Berkeley Working Papers in Middle Iranian Philology is a new open access e-journal hosted by UC Berkeley’s Department of Middle Eastern Languages and Cultures and edited by Adam Benkato and Arash Zeini. It publishes short and longer articles or research reports on the philology and epigraphy of Middle Iranian languages (Middle Persian, Parthian, Bactrian, Sogdian, Chorasmian, Khotanese). Submitted papers will be reviewed by the editors and published on an ongoing basis. The journal promotes a simple and quick publishing process with collective annual volumes published at the end of each year.
The editors encourage scholars working on Middle Persian documents in particular to submit their work.
The exhibition, The Sogdians: Influencers on the Silk Roads, explores Sogdian art through existing material culture. It focuses on the golden age of the Sogdians, from the fourth to the eighth centuries CE. Various dimensions of Sogdian culture, from art, music, and feasting to religious and funerary practices, are presented in this digital exhibition. New 3-D models of metalwork objects, photographs of archaeological sites, high resolution images and international scholarship reveal new details about this period.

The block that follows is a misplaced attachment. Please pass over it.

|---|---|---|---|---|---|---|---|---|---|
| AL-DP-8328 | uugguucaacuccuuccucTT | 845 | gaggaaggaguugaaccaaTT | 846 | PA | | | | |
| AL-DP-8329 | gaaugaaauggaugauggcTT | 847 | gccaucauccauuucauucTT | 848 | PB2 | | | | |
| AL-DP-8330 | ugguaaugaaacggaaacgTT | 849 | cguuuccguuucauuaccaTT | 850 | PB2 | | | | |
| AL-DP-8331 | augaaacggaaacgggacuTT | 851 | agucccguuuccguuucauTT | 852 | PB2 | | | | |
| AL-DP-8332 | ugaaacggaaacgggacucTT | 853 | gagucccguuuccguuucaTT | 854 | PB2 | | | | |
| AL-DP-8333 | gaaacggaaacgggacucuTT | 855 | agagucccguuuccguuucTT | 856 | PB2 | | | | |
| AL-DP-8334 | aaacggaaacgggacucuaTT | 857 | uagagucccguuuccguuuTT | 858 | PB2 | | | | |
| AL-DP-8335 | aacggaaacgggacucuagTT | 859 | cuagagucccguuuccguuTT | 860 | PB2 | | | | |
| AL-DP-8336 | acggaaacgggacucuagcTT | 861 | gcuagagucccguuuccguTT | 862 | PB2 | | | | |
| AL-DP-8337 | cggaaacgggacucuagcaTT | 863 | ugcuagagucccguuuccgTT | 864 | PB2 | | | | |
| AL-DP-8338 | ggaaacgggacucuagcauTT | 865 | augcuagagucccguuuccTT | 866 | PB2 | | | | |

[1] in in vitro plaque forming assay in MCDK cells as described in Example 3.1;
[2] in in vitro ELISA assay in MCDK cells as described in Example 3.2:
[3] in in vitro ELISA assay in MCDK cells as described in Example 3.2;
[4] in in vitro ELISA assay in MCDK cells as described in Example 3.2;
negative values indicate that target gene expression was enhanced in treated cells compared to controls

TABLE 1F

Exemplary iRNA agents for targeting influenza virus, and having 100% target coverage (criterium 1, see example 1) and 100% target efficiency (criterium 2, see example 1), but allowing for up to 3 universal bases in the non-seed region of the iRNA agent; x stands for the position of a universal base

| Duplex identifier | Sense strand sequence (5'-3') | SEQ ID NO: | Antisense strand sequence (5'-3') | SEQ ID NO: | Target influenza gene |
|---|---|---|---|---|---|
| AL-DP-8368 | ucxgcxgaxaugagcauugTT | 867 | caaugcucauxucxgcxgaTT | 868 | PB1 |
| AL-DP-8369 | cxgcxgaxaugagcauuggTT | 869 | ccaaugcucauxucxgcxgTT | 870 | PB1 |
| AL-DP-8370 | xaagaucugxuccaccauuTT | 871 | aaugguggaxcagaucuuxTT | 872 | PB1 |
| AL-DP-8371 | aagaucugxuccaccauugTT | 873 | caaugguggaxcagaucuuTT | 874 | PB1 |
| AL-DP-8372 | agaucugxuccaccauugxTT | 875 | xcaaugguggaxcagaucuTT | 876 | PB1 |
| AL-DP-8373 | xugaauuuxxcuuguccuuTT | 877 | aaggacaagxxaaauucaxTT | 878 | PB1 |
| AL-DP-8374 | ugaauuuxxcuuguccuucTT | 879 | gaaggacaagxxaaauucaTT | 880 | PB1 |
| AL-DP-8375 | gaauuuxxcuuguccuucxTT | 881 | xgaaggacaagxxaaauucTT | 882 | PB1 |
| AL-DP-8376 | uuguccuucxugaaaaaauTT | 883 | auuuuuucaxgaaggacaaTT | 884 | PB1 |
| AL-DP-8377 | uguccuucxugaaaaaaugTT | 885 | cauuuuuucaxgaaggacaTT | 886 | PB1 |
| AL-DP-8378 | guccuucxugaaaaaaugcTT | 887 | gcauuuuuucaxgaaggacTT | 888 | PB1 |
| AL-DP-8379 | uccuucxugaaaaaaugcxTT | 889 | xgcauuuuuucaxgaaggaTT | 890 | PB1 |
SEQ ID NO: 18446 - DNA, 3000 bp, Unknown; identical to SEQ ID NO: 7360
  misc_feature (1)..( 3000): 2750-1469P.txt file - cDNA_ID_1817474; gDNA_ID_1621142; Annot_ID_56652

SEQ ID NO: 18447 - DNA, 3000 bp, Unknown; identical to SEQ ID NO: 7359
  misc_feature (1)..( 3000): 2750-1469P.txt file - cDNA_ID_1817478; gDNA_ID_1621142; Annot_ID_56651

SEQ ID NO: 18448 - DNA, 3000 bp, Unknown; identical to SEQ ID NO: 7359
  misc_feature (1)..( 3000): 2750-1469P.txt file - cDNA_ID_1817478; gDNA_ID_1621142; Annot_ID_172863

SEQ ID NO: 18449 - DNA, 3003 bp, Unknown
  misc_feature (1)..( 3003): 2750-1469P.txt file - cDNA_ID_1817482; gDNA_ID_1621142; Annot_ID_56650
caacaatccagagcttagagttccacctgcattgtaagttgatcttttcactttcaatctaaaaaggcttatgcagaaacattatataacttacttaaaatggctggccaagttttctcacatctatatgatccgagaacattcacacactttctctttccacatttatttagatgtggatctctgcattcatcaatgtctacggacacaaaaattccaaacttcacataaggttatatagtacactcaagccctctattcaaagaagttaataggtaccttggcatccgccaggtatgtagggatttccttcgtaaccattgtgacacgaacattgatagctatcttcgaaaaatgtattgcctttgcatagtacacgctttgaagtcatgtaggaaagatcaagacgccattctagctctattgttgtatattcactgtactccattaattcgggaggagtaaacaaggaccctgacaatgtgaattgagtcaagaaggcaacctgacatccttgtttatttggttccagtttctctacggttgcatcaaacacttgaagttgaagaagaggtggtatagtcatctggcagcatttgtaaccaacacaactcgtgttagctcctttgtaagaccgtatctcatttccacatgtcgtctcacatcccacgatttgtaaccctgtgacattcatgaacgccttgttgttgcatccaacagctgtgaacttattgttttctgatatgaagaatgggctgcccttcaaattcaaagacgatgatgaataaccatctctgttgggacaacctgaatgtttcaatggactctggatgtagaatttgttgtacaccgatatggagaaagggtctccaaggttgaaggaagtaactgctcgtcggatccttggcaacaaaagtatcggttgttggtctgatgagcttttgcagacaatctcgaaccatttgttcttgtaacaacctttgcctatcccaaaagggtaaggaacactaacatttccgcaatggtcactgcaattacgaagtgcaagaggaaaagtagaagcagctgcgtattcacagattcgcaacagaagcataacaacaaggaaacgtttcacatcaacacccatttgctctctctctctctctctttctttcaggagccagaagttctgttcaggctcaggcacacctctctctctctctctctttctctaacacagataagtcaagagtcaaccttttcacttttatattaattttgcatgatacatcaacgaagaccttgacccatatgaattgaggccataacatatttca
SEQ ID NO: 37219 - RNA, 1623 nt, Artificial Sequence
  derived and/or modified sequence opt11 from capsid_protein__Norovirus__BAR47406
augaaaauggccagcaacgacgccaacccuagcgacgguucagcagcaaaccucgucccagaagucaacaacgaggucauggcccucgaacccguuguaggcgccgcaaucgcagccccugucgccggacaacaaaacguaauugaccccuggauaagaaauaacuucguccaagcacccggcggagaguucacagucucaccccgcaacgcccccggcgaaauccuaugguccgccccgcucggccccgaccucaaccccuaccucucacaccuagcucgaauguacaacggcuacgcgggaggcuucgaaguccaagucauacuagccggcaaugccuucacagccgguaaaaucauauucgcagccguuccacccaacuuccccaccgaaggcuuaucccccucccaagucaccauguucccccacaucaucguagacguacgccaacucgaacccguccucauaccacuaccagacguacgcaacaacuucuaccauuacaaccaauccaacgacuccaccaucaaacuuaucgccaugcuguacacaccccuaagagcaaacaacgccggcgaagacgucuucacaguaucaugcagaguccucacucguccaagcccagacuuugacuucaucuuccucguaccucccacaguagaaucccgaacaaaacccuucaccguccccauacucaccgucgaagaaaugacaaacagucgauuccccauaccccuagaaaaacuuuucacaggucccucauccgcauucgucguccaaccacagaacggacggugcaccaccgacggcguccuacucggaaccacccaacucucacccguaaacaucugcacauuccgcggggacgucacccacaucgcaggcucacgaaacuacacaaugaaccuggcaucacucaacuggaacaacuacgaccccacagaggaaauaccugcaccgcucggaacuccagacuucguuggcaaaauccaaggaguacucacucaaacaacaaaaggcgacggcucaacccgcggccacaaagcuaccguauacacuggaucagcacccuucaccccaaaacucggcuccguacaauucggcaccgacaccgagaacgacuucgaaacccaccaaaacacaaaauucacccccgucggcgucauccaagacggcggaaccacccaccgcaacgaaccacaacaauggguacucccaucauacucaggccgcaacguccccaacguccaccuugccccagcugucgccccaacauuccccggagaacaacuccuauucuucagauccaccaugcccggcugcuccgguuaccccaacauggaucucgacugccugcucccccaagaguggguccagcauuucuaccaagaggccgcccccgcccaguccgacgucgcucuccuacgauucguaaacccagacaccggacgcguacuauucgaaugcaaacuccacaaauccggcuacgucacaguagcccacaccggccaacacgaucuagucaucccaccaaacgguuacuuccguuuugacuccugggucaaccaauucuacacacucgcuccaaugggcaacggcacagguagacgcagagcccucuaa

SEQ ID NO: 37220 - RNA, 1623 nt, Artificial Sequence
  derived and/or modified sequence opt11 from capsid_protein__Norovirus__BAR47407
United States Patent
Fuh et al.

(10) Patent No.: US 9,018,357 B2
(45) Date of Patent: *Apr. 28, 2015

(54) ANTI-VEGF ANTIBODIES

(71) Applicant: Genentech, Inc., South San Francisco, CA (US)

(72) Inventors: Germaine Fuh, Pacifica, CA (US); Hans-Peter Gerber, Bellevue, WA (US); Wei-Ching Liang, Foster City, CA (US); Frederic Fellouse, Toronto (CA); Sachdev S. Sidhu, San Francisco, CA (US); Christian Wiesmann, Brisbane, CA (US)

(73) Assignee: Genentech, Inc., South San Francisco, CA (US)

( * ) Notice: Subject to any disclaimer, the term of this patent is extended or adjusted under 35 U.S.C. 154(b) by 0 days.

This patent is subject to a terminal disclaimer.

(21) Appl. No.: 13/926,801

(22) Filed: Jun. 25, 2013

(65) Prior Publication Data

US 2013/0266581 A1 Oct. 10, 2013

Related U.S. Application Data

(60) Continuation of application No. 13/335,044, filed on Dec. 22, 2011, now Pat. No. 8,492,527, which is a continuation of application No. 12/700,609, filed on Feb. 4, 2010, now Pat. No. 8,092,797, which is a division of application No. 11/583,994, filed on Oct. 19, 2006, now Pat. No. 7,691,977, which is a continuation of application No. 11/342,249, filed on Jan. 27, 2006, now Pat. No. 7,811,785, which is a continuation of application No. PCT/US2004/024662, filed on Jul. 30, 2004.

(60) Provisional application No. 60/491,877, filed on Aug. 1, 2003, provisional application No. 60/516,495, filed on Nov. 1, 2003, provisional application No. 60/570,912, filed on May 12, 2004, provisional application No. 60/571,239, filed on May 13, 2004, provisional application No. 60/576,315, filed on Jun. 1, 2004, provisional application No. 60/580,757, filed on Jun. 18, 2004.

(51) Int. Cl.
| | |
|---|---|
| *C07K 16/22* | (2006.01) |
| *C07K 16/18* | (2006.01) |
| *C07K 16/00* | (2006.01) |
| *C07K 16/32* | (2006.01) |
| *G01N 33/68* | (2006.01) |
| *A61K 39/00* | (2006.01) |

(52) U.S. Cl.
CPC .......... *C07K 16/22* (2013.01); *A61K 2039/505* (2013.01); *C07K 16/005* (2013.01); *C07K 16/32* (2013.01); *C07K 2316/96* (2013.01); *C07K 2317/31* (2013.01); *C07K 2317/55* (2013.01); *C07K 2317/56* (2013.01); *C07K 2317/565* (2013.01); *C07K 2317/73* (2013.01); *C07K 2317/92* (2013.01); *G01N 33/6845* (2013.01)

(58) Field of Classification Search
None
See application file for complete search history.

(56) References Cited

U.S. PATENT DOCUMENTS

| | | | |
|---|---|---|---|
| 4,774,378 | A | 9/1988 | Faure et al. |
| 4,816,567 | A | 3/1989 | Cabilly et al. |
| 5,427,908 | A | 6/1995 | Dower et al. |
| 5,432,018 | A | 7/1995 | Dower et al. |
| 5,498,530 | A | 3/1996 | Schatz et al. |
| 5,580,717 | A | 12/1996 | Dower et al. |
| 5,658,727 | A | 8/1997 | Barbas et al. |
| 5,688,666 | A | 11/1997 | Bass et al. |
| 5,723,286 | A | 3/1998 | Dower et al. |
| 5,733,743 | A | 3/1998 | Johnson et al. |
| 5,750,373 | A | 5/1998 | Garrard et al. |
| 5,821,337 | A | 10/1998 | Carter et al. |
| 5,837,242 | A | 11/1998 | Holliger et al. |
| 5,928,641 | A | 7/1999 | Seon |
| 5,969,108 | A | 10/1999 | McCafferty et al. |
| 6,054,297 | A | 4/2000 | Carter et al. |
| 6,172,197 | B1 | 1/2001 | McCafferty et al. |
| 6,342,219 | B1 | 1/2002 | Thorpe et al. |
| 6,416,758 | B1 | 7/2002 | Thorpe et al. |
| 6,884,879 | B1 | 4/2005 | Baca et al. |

In 2019 the Freer Gallery of Art and Arthur M. Sackler Gallery lunched a digital exhibition devoted to the Sogdians, major traders of the ancient Silk Roads, organized by the Freer Gallery of Art and Arthur M. Sackler Gallery, the Smithsonian’s Asian art museums in collaboration with the State Hermitage Museum, the Institute for the Study of the Ancient World (NYU), XE: Experimental Humanities and Social Engagement (NYU), the Bard Graduate Center, and the Association Sauvegarde Peinture Afrasiab.